Friday, 2 January 2015

Taste this!!

The story of Dosa

 Ask any south Indian, his favourite food would be Dosa made by mom. That is why one cannot wonder at the sight of a Dosa outlet or a south Indian restaurant in almost all the corners of the world. If you think only south Indians enjoy this delicacy, go to the streets of Delhi, you can see crowds infront of those tiny carts selling Masala Dosa. Recently, while scrolling through Facebook timeline my eyes stuck to an intersting story of the ‘Dosa Man’ Kumar who by selling dosa from a small cart changed the culinary culture of NewYork’s denizens.
What is it about Dosa that we love so much? A fermented thin, tangy, crispy crepe or pancake made from rice and lentil (urad dal) batter cooked on a hot girddle. Originally dosa was made only of lentils to which in course of time rice was added. Later evolved different variations to the basic theme.
According to food historian K.T Acharya, first reference to dosa (thosai) is seen in sixth century AD Tamil literature. The sanskrit classic Manasollasa by western Chalukya king Somesvara III (1129 AD) describes Doshaka made of lentils . However, writers like P. Thankappan Nair, Pat Chapman and lisa Rayner gives Udupi, the Karnataka town, credits for making first dosa. Well, it may be probably because of the Udupi restaurants which brought dosa to Mumbai and other north indian cities. Paula Richman says that a Tamil folk song mentions dosa as one of the dishes Dasaratha’s pregnant wives crave for.

rava dosa

There is more than hundreds of varieties of dosa available now a days. Basic form is the plain dosa made of rice and urad dal batter. It is not spicy but yet tangy and tasty. Usual breakfast item in south indian homes and the cheapest dosa in restaurants. In the southIndian state of Kerala, dosa is thicker and smaller. It is not crispy but spongy. This smaller and simpler variety of dosa is the most favorite street food in Kerala known as ‘Thattu dosa’. Restaurants of Karnataka serves ‘set dosa’ — simple, spongy dosa in a set of more than one per plate. Thinnest dosa with plain rice batter is called Neer dosa which would be the easiest to cook as it requires no fermentation. Utthappam or dosa version of pizza (if i say so) is again a dosa over which vegetables are spread while cooking. Andhra special dosa is Pesarattu made of moong dal batter. King of all dosas Masala dosa, fosterd by north Indians, has crossed seven seas and spread it’s fame through out the globe. Dosa filled with a spicy concotion of fried onion and mashed potatoes folded and eaten with chutney and sambhar. There are many innovations in the basic form of masala dosa by experimenting with the filling using meat or other vegetables.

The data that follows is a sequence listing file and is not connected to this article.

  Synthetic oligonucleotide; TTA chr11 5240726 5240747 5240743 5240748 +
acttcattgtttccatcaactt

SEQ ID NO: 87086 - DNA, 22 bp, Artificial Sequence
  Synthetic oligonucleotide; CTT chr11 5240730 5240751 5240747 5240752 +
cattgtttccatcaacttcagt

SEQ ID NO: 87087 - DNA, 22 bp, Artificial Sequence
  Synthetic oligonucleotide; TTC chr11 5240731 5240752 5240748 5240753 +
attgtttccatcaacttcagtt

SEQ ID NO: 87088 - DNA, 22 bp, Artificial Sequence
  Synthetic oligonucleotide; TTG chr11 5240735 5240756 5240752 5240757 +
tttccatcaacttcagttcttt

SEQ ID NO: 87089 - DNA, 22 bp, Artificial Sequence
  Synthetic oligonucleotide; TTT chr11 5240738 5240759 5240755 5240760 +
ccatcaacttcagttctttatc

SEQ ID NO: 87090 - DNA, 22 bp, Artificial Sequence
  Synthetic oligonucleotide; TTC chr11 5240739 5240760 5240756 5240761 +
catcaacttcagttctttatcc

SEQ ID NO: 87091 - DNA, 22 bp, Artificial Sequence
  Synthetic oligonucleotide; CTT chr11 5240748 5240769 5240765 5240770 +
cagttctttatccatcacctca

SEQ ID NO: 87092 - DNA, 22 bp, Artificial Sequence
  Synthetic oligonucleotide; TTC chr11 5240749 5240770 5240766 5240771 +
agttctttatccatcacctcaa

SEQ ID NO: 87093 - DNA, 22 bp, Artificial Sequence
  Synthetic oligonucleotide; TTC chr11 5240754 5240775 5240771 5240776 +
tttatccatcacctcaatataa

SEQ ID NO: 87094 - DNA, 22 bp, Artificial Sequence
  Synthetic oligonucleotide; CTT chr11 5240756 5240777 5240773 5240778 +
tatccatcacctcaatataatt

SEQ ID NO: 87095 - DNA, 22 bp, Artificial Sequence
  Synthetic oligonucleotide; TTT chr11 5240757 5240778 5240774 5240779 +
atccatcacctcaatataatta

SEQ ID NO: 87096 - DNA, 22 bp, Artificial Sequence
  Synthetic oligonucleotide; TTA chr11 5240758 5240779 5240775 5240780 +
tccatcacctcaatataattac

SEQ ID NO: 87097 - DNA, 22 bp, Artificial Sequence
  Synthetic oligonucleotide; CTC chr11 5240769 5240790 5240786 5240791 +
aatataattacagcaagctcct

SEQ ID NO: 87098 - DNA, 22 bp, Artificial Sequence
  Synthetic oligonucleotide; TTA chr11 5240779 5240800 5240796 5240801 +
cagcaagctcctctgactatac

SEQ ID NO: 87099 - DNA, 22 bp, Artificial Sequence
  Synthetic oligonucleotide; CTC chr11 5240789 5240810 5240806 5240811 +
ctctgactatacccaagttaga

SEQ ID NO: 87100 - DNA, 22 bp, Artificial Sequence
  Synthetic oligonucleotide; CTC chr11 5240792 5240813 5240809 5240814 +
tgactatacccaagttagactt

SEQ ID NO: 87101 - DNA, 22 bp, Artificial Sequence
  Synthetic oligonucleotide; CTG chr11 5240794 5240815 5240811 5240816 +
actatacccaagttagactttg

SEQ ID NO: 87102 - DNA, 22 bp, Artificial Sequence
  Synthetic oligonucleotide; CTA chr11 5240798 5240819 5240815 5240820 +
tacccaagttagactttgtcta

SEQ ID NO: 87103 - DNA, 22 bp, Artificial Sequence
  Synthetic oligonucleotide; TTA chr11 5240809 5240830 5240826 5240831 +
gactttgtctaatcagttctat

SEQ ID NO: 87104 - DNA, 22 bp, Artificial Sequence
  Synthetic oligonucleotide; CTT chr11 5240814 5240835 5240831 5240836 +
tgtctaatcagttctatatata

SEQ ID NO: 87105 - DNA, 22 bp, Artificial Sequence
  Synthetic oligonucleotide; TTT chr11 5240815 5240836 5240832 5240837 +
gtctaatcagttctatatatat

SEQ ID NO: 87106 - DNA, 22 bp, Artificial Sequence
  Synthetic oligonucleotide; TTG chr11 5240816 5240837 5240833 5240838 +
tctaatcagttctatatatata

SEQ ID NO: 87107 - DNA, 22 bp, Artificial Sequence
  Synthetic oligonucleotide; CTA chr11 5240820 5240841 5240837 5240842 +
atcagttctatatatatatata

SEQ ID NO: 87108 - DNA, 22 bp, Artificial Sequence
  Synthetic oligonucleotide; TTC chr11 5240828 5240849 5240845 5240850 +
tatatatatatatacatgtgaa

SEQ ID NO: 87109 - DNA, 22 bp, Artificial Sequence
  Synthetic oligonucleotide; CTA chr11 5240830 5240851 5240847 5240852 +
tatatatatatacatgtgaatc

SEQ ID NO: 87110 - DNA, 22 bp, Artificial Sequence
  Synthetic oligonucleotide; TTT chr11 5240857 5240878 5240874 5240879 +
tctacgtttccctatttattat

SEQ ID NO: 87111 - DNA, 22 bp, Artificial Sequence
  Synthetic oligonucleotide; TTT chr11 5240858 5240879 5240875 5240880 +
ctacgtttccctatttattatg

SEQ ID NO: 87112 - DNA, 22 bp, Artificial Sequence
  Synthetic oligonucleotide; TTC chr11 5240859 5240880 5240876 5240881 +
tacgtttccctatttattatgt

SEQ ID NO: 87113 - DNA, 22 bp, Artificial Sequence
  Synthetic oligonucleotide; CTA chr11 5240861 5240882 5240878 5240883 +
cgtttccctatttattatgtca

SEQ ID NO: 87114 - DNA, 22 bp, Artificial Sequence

Dosamatic — world’s first table top dosa maker.

We havenot seen a ‘Mc dosa’ yet but wherever it has gone, dosa made it’s impact. Hope, one day Dosa will become India’s healthy answer to fast food world.

Friday, 15 August 2014

Abwarten und Tee trinken

 Wait.. make it your cup of Tea!!!

Few weeks ago, I happened to stumble upon a German proverb, ‘abwarten und Tee trinken’. Literally it means wait and drink tea, German version of ‘wait and see’. When there is nothing you can do to solve a problem, the best thing to do is ‘do nothing’… just wait for the natural outcome to unfold by its own. In other words, ‘wait and wonder’ and while waiting, why not drink some tea? 
The origin of this saying is said to be attributed to a 19th century herbal healer Heinrich Ast who told his impatient patient to drink tea (herbal tea mixtures prepared by the healer) and wait for the illness to cure. So the Chinese say, ‘Man drink tea to forget the noise of the world’. 

Patience is the virtue of a person who is ready to wait. Generally we are impatient because we think about the future, expecting something or wanting something to happen exactly in the way we would like it. Being patient actually means to be attentive to what is happening in the present moment, living it to the fullest and seeing the signs that may be right in front of us. Patience and endurance is considered as essential virtues in Hinduism. It is the ability to wait with endurance through odds calmly, cheerfully, without anxiety and the desire for revenge. Hindu philosophers are of the opinion that, patience and endurance is important for long lasting happiness. For a Hindu, Suffering is seen as a part of living. Worldly life is ought to suffer pain until it reaches the final stage of life, ‘Moksha’. However, the blissful soul remains detached from the bodily (worldly) sufferings ie, ‘Maya’ or illusion called ‘life’. Life is a journey through various experiences for the soul to reach the perfect state of detachment. So the purpose of a Hindu’s life is to attain the ability to endure calmly and happily the experiences of life with least care for the fruits of one’s actions.

In turbulent times, one should sit down in peace, drink a cup of tea and then contemplate on what could be done. Though waiting and hoping is a hard thing to do , it is better than jumping in to bad decision and regretting the whole life. So just wait and see… meanwhile have a cup of tea too.

"The happiness which comes from long practice, which leads to the end of suffering, which at first is like poison, but at last like nectar - this kind of happiness arises from the serenity of one's own mind.”  Shrimad Bhagavat Gita